It’s 5:00 in the morning. My alarm goes off and I drowsily open one eye just long enough to turn off the alarm and go back to sleep.
I’d wanted to get up in the morning to jog but I’m sleepy and I can hear a cold winter wind outside. So I stay in my bed and sleep longer.
It’s not that I needed the sleep. Rather, it’s that that the comparison between the effort and cold of a winter morning jog compared to the comfort and warmth of my bed is a battle that is hard to win.
Actually, that’s not the real battle happening.
There’s a war going on inside my mind every morning.
… and every moment of the day.
Oh, and it’s happening in your mind, too, as well as the minds of every other person at each moment of each person’s day. In any and every area of your life and business, this is happening… in your health, your financial situation, your relationships, your hobbies, your professional life, your education, and in everything else as well.
The War Within
Let’s skip the really violent imagery and say that’s a tug-of-war. In my mind and yours. Every millisecond of the day.
It’s a tug of war between two people: On the one side is the person you were and on the other side is the person you want to be.
- The person you were—this person represents stagnation and remaining idle in your comfort zone. This person fears change. This person believes that self preservation is the key to enjoying life, and they’re convinced that you can get by simply by doing things the way they’ve always been done.
- The person you want to be—this person represents growth and challenge, which occurs outside of your comfort zone. This person acknowledges that growth can mean risk. This person believes that the key to enjoying life is to stretch yourself farther than you’ve gone in the past, and they’re convinced that only the strong survive.
These two people battle back and forth. Sometimes one wins; sometimes the other wins. In some aspects of your life, one is stronger; in other aspects of your life, the other is stronger.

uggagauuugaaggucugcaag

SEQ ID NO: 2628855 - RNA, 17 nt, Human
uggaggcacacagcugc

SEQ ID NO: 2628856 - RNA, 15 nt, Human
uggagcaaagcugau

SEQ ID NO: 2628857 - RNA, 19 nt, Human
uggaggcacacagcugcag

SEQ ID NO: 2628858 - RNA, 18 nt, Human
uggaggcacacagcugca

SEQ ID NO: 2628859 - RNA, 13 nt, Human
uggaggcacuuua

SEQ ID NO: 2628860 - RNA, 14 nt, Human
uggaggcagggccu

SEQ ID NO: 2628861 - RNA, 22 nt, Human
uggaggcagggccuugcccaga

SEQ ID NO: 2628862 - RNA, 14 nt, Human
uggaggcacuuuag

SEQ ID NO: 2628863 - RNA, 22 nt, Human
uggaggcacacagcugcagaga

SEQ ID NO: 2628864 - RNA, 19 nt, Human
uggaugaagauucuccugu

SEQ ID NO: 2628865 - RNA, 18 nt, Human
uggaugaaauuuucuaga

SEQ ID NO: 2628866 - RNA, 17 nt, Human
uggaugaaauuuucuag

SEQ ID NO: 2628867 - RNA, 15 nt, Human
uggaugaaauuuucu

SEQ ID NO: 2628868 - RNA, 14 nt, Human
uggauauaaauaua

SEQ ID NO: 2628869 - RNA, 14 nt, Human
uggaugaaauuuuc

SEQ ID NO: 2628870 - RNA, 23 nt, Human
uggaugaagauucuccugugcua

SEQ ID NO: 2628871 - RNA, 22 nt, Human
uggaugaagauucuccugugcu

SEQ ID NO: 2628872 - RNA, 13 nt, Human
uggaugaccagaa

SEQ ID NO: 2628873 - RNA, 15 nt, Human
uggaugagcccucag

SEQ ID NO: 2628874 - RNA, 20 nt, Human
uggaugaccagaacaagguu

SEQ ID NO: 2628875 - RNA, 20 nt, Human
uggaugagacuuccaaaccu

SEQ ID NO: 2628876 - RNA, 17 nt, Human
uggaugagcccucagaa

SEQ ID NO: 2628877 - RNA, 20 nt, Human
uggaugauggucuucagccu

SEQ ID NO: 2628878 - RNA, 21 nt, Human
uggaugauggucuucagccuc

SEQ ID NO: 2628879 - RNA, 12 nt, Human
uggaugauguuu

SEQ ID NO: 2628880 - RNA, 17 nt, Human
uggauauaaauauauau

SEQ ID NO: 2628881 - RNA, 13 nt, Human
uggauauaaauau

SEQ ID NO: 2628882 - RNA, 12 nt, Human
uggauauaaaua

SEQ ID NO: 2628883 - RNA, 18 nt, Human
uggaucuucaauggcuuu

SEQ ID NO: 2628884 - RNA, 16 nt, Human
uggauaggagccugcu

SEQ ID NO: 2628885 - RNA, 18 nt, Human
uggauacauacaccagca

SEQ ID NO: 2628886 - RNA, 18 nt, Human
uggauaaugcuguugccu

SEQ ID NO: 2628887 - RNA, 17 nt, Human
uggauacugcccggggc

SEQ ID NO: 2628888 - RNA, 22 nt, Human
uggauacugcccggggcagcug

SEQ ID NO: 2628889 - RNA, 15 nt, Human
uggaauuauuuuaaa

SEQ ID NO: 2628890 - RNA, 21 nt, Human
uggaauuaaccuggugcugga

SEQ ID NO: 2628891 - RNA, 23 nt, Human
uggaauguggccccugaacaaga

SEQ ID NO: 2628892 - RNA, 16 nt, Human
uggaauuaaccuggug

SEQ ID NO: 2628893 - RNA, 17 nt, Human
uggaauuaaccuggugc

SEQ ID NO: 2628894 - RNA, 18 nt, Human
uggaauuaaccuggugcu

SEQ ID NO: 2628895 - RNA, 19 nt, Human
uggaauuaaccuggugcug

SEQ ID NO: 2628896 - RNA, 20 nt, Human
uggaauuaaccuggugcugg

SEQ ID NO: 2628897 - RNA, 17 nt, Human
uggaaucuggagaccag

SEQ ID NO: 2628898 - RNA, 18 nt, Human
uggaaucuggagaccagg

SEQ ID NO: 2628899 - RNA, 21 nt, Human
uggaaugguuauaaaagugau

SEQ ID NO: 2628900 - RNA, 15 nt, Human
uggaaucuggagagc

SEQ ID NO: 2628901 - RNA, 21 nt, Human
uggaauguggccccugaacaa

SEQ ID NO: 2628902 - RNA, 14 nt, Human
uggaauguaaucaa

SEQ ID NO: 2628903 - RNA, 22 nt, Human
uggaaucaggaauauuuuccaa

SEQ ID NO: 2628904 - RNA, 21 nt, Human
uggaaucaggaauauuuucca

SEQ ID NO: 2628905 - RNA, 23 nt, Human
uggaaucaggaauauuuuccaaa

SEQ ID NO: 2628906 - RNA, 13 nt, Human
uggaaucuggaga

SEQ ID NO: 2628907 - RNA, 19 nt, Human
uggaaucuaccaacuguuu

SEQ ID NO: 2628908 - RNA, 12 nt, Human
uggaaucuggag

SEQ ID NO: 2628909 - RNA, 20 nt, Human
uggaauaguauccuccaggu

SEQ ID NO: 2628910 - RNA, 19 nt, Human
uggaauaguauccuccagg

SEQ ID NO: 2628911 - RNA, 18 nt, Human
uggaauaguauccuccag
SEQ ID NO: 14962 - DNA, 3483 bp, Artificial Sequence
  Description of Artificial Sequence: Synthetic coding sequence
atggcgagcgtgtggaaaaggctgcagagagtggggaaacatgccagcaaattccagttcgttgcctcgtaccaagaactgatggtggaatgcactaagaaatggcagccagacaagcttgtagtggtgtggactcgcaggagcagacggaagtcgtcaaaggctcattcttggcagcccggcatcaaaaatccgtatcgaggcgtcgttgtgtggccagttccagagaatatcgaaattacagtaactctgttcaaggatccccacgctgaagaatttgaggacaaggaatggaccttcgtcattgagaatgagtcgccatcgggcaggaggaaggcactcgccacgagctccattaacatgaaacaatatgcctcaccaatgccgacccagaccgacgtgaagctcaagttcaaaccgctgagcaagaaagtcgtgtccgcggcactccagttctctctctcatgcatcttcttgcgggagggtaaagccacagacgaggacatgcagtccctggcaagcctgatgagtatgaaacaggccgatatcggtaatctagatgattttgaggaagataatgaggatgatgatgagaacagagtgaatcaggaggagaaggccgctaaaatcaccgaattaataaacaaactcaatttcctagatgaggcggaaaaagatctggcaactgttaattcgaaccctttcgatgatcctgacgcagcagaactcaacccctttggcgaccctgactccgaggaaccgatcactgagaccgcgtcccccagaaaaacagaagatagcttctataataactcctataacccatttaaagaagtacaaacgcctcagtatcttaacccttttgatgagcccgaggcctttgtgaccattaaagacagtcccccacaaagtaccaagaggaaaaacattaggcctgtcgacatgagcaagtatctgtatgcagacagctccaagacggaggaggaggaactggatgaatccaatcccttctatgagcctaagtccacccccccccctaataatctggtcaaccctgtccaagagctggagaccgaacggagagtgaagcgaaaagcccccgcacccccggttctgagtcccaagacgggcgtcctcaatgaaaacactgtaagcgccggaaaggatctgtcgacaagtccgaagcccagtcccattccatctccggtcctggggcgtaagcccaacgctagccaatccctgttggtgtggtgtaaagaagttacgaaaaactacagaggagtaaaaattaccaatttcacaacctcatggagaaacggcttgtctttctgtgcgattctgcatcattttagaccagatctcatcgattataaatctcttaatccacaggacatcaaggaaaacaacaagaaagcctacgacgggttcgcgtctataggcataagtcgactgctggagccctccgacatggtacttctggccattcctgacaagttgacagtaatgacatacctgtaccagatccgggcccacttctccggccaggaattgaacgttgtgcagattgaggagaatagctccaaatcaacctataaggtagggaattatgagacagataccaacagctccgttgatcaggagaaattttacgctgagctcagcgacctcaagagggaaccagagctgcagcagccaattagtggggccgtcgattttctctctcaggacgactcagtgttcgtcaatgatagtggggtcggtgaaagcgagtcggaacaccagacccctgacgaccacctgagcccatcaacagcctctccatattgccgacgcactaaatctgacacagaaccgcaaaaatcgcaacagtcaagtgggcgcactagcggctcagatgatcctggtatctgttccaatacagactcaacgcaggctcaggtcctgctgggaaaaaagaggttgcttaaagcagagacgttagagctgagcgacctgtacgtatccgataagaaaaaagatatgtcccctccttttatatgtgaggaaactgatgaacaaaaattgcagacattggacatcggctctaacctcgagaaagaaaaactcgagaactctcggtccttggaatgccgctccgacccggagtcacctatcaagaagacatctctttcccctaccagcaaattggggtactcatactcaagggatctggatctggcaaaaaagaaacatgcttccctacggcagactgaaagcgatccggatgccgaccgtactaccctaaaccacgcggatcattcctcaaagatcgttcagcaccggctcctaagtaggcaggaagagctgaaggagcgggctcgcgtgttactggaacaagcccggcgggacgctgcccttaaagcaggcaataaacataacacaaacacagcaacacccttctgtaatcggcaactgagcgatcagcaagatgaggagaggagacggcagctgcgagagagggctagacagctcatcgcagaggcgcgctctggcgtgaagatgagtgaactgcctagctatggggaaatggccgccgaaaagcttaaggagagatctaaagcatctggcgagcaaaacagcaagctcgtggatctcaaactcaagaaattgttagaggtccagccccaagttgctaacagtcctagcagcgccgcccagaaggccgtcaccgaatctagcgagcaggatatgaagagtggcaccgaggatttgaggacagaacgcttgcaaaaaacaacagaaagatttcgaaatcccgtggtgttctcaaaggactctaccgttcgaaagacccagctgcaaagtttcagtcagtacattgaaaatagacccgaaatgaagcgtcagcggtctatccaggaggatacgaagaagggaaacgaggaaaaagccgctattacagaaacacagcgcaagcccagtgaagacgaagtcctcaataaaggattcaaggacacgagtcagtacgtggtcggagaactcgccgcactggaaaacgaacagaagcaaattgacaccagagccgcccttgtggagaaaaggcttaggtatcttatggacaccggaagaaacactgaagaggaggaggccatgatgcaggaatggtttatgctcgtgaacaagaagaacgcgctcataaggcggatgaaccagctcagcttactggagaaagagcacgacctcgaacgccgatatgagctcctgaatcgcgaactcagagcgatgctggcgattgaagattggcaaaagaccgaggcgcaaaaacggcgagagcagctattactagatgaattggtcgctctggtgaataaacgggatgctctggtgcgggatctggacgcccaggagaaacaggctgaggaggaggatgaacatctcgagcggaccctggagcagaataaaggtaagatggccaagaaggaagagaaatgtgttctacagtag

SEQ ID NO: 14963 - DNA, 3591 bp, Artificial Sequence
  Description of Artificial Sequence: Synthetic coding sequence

In my own life, I have no problem working out at 4:30 in the afternoon each day, and it’s the challenge-accepting person that I want to be who dominates to get me off the chair and into my workout gear. But at 5:00 in the morning when the wind is howling outside and I’m tired, the person I was is stronger than the person I want to be, pulling that tug-of-war rope over to the side of comfort.
Think about the things in your life that you want to change. How successful is your change? If you are struggling, the person you were is winning. If you are succeeding at making the change, the person you want to be is winning.
There’s One More Person In This Scenario
There’s a third person in this scenario, too: it’s you, right now at this very moment. And the “right-now-you” is watching this tug-of-war happen between who you were and who you want to be. You’re watching… but you’re also participating, jumping in to help one or the other pull that rope.
You-right-now are deciding whether you want comfort or challenge, stasis or transformation, and you are aiding the person you were or the person you want to be to win in that moment.
And look, not every moment of every day can be devoted to growth. That’s going to be exhausting and difficult on you mentally and physically. And you’re not going to grow in every area at an accelerated pace. And maybe there are areas where you are happy and don’t see a need to grow.